Organize the text into an introductory section that conveys the background and purpose of the report, and then into sections titled “Methods,” “Results,” and “Discussion.” Authors may wish to include a section called “Conclusions” after the “Discussion”. This section should not be in bullet form, but typed as continuous text. This last section should form conclusions based only on the reported work and not from a review of the literature.
Articles should be formatted as Rich Text Format (.rtf) documents using Microsoft Word or equivalent software.
1. Use 12-point Times Roman font for text.
2. Use italics for emphasis.
3. Use the page numbering function to number the pages.
4. Do not use field functions.
5. Use tab stops or other commands for indents, not the space bar.
6. Use the table function, not spreadsheets, to make tables.
7. Use the equation editor or MathType for equations.
8. Do not insert figures in the text.
Note: If you use Word 2007, do not create the equations with the default equation editor but use MathType instead.
Save your file in two formats: .doc and rtf. The journal does not accept .docx files.
Please use no more than three levels of displayed headings.
Abbreviations should be defined at first mention and used consistently thereafter.
Generic names of drugs and chemicals are preferred; if trade names are used, the generic name should be given at first mention.
Please use the standard mathematical notation for formulae, symbols, etc.
- Italic for single letters that denote mathematical constants, variables, and unknown quantities
- Roman/upright for numerals, operators, and punctuation, and commonly defined functions or abbreviations, e.g., cos, det, e or exp, lim, log, max, min, sin, tan, d (for derivative).
- Bold for vectors, tensors, and matrices.
Footnotes can be used to give additional information, which may include the citation of a reference included in the reference list. They should not consist solely of a reference citation, and they should never include the bibliographic details of a reference. They should also not contain any figures or tables. Footnotes to the text are numbered consecutively; those to tables should be indicated by superscript lower-case letters (or asterisks for significance values and other statistical data). Footnotes to the title or the authors of the article are not given reference symbols. Always use footnotes instead of endnotes.
Acknowledgments to individuals (other than authors) should be placed in a separate section before the reference list. The individuals should have extended their direct help to the reported study. Names of funding organizations should be written in full. Authors are to obtain consent of individuals who they have acknowledged.
Reference citations in the text should be identified by numbers in square brackets. Some examples:
1. Negotiation research spans many disciplines .
2. This result was later contradicted by Becker and Seligman .
3. This effect has been widely studied [1-3, 7].
Reference list entries should be numbered consecutively. Please include the names of all authors if up to six; if the number of authors exceeds 6, only the first 3 authors’ names should be listed, followed by et al.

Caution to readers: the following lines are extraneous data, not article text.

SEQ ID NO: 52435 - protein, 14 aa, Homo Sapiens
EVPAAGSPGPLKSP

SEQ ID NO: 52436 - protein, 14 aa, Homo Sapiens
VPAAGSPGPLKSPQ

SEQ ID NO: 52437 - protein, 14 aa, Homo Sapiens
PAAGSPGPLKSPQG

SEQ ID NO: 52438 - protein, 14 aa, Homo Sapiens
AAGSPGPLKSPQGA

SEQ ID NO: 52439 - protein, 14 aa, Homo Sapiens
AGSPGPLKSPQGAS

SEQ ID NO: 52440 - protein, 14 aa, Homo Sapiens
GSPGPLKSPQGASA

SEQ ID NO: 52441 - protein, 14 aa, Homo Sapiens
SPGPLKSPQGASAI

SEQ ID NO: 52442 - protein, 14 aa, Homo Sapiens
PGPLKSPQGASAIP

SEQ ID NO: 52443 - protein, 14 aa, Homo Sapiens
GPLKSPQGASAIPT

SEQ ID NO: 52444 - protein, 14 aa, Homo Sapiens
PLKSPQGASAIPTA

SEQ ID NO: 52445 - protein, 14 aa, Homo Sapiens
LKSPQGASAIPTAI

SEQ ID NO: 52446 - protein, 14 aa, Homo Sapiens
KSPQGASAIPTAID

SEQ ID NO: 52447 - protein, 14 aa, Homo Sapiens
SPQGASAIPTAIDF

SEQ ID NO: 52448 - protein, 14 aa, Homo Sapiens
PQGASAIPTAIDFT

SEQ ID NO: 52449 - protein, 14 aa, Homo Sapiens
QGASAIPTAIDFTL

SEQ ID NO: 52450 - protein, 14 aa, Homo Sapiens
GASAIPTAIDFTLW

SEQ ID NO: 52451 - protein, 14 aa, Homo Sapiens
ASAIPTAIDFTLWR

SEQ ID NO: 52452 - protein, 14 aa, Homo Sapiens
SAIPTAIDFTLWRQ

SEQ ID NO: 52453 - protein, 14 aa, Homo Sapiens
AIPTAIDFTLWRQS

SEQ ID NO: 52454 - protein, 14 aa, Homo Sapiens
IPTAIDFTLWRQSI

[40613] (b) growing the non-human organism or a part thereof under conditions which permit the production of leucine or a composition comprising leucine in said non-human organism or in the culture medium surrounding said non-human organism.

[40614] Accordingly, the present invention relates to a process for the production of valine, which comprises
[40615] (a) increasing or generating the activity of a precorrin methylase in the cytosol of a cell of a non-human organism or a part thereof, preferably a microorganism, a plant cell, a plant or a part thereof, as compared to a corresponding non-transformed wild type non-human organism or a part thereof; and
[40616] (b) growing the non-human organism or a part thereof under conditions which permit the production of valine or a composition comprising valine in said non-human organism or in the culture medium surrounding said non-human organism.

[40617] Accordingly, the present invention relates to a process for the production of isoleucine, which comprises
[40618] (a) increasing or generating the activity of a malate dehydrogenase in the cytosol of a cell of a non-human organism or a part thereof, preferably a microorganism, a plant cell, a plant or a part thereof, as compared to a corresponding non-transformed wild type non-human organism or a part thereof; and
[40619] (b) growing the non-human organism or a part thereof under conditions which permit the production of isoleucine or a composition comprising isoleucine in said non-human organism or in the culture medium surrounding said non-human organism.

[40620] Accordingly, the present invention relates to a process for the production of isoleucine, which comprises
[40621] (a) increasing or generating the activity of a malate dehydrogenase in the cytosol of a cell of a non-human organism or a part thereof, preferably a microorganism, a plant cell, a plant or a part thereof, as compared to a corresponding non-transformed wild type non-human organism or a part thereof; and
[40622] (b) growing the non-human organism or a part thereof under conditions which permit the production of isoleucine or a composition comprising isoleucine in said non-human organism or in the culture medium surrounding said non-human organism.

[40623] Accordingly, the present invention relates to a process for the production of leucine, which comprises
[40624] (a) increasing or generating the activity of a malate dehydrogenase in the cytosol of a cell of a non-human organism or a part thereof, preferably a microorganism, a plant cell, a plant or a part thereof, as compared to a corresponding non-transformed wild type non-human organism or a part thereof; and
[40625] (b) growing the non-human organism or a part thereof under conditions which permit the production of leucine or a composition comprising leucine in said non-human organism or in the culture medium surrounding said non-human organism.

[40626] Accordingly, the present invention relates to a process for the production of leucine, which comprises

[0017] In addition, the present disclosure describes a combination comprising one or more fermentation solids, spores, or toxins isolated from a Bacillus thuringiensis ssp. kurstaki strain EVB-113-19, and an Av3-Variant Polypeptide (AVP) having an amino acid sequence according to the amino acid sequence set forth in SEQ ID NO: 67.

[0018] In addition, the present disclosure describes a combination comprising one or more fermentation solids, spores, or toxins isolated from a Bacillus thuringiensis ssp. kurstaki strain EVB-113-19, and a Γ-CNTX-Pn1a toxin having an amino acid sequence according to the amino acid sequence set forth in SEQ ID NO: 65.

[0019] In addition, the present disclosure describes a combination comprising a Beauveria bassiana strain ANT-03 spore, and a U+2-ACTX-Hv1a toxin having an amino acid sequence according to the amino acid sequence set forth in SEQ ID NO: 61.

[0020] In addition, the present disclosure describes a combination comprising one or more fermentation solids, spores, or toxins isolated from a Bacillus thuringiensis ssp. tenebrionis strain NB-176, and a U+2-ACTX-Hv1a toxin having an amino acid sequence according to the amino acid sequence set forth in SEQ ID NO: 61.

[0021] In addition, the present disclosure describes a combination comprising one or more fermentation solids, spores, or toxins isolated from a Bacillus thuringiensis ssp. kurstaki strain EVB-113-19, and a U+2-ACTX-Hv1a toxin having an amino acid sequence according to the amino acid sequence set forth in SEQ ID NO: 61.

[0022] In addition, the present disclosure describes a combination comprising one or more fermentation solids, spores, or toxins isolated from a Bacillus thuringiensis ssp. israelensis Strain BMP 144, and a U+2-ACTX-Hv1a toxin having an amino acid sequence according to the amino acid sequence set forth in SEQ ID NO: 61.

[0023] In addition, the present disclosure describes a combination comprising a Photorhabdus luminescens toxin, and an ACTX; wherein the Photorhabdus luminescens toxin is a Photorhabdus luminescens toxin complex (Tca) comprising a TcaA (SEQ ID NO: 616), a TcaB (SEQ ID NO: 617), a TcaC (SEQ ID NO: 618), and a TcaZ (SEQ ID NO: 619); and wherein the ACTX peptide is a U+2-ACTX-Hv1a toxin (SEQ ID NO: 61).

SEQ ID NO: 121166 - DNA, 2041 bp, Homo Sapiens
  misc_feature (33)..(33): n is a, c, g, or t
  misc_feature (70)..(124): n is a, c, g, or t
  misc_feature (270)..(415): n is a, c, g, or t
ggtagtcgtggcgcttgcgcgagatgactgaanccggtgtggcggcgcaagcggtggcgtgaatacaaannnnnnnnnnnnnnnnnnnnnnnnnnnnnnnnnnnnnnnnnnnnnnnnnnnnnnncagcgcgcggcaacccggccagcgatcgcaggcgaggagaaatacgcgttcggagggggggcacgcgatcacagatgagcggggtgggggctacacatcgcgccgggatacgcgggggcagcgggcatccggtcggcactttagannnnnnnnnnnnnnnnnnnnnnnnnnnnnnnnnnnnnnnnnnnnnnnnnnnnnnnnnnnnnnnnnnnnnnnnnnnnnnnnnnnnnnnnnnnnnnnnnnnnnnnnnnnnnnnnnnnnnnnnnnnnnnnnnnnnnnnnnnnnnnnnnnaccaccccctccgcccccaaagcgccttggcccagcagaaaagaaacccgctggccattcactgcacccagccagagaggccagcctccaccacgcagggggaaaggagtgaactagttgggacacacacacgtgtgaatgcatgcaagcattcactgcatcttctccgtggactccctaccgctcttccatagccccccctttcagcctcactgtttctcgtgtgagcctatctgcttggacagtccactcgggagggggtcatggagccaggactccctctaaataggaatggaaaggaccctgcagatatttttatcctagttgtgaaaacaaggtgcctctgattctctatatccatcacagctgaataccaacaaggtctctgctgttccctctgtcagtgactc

In references to journal articles, please include (1) surname and initials (without periods) of all authors if 6 or less. If the number is more than 6, please list the first three authors’ names, followed by et al, (2) article title, (3) abbreviated journal name, (4) year, (5) volume number, and (6) inclusive page numbers, in that order. An example follows:
1. Pandey D, Chun TW, Kang HL, Tan KC. Living donor liver transplantation for hepatocellular carcinoma: A single center experience. Indian J Gastroenterol. 2008;27:148–52.
2. Vanbiervliet G, Dumas R, Demarquay JF, et al. Endoscopic palliative treatment of malignant colorectal stenosis with metallic stents: results in 41 patients. Acta Endoscopica. 2004;34:327–34.
In references to books, please include (1) surname and initials (without periods) of the first three authors and et al for all others, (2) chapter title, if any, (3) editor(s), if any, (4) title of book, (5) city of publication, (6) publisher, (7) year, and (8) inclusive page numbers. Volume and edition numbers, and name of translator should be included when appropriate. An example follows:
1. Jones MC, Smith RB. Treatment of gastric cancer. In: Ford TL (ed) Cancer of the Digestive System, Berlin, Springer-Verlag, 1976; pp 140–54.
Article by DOI
1. Matsui H, Okamoto Y, Nabeshima K, et al. Endoscopy-assisted gastric resection: a safe and reliable procedure for tumor clearance during laparoscopic high distal or proximal gastrectomy Surgical Endoscopy; doi: 10.1007/s00464009-0354-1
1. Doe J. Title of subordinate document. In: The dictionary of substances and their effects. Royal Society of Chemistry. Available via DIALOG. http://www.rsc. org/dose/title of subordinate document. Accessed 15 Jan 1999.
- All tables are to be numbered using Arabic numerals.
- Tables should always be cited in text in consecutive numerical order.
- For each table, please supply a table caption (title) explaining the components of the table.
- Identify any previously published material by giving the original source in the form of a reference at the end of the table caption.
- Footnotes to tables should be indicated by superscript lower-case letters (or asterisks for significance values and other statistical data) and included beneath the table body.
ARTWORK AND ILLUSTRATIONS GUIDELINES
For the best quality final product, it is highly recommended that you submit all of your artwork – photographs, line drawings, etc. – in an electronic format. Your art will then be produced to the highest standards with the greatest accuracy to detail. The published work will directly reflect the quality of the artwork provided.